Every dish has its own history that is intrigueing and Sgurgola Donuts are known as the Queen for their particular shape that resembles a crown.
In the tradition the donuts were made at Easter, with white flour, also marking the arrival of spring. They were like a pagan omen in which the Resurrection of Christ was accompanied by the Spring Festival and picnics at the Abbey.
The Sgurgola lunch tradition on the Badia Abbey meadows seems to date back to about one thousand, when it was still a convent of Benedictine nuns, and ended in the nineteenth century when a law of Napoleon forbade burials of the dead in the house and forced the construction of cemeteries. The Sgurgola cemetery was built right next to the monastery and the abbey became the church cemetery. A picnic in the cemetery was not in tune with the spirit of the festival!
But back to the donut whose processing is complex even for the artistic aspects of its final form. Like modern ‘cake designers’, in fact, the Sgurgola families were preparing carefully the dough into different shapes: the classic crown and two variations for the children. For girls were created the ‘Pigne’ a kind of babydoll adorned with fringe and lace, made with pasta, and whose hands held boiled eggs. For boys ‘Torteri’ were prepared, pasta twisted into donut-shaped with a hard-boiled egg in the center.
The donut is sweet, but anise and a pinch of salt give it a taste that goes well with salami and wine. For those not Ciociarian (or at least from the center of Italy), the famous Easter breakfast is made with a pizza or cake, salami and boiled eggs to which, at a later time, the chocolate is added.
The preparation of the bun was started two days before, and the mixture was worked and left to rise for 24 hours. After a long rest, the dough was kneaded into the desired shapes and left to rest again for another 8-10 hours. At this point it was ready to be ‘scottolato’ (boiled) and put into the oven.
The Sgurgola donut was so etched in memories of children that all emigrants would try to return to the town at Easter time just to be able to enjoy again and regain all their happy memories.
Marriages of Sgurgola
What is the best month to get married? Today we think of spring and the sun but once life was marked by the rhythms of the countryside and the couple married in January or in February.
For Sgurgolani, in fact, the main moment of the year was the harvest and in spring they had to take care of plants, crops and preserves. All life was concentrated on the moment of sale of grapes and the killing of the pig from which were obtained the resources to meet the expenses of the year, the dowry of the girls and the wedding dinner.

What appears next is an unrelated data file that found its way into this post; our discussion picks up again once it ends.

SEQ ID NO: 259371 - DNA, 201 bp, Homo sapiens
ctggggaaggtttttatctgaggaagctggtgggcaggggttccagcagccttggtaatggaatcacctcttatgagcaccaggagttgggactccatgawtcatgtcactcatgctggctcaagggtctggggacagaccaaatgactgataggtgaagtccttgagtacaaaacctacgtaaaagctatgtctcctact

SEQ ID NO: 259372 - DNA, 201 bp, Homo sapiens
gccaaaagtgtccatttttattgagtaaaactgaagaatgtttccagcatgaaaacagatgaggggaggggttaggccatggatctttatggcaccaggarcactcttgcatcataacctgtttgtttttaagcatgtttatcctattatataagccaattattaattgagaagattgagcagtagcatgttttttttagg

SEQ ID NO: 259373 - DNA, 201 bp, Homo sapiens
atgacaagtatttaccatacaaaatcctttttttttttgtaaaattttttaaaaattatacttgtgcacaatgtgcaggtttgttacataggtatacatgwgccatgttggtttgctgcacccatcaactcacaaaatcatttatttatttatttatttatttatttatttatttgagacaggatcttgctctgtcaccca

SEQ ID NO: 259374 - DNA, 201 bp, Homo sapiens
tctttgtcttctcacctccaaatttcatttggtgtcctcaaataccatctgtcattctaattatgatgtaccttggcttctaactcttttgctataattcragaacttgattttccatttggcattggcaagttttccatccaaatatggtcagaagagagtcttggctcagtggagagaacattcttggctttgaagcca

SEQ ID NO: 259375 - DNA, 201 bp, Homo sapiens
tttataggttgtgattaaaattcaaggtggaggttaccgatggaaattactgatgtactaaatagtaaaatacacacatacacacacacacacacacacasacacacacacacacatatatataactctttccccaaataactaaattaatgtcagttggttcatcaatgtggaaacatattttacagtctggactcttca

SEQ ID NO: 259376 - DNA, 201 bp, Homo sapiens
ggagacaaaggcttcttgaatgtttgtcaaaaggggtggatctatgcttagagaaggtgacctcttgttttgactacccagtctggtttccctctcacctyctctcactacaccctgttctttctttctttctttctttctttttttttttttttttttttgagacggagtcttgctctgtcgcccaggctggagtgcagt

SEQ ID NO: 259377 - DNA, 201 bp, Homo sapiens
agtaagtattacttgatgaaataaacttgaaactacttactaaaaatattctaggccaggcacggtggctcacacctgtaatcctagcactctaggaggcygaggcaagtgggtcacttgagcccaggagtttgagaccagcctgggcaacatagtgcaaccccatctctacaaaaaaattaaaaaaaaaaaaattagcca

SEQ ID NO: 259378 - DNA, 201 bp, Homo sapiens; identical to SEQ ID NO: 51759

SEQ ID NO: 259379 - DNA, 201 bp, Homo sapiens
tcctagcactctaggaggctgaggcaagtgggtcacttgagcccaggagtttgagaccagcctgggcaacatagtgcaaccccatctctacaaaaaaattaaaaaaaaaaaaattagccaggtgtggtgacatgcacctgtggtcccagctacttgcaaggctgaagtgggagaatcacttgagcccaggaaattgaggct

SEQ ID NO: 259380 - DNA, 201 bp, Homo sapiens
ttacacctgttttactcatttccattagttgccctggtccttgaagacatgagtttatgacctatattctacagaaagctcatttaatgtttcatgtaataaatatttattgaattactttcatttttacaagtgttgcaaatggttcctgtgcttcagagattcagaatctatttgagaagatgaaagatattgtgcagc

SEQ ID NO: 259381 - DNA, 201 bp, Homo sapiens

The famous Grape Festival is born from the collective need to break free from the strain of grape growing and celebrate the harvest and the future wine.
Then there was the season of the olive harvest which is followed by the months of less committment for a farmer, being those of winter. That’s why in the old registers of the town all couples married just in January and February.
For the occasion they prepared the best dishes: Pasta with sauce made with ‘ricaglie’ (chicken giblets) and chicken legs, plus chicken with roasted potatoes and thin donuts made with wine, oil and flour.
Sagne is the symbol of the Ciociaria, a pasta with flour and eggs that was typical of the holidays. Even now, on August 14 in Sgurgola is celebrated the Festival of Sagne in which this dish is distributed free to the population topped with the famous ‘Sgurgola Sugo’ (sauce).
The women get up early in the morning to prepare this sauce with three kinds of meat: beef, pork and sausage flavoured by bacon. The sauce should ‘pappleare’ (be simmered) for at least a couple of hours to allow the oil rise to the surface and the sauce is ready.
The dishes for the working days
In the ‘normal’ days the meal was composed mainly of maize flour, polenta, topped with various vegetables. During the spring a typical dish was blanched beans, sautéed red pepper and then cooked directly with the mixture of polenta.
Meanwhile, corn is also prepared in layers with the cabbage leaves or prepared in the form of a ball with more accompanying vegetables. This layered corn and cabbage dish is called ‘Maretozzo’ and is not to be confused with the sweet of Rome.
Smoked fish was part of the traditions of Sgurgola and ‘Frascategli with Saraghe and Pupernelle’, i.e. a plate of polenta made with corn, smoked fish and hot peppers, is famous.
Many of these dishes can be enjoyed today during the famous Grape Festival of Sgurgola. Look for the booth of Laura Pace who collected the recipes of the local tradition and with her friends prepare them for the public on the occasion of traditional festivals. I thank her for her precious recipes that will give great taste to the party, and I’ll try to remake at home!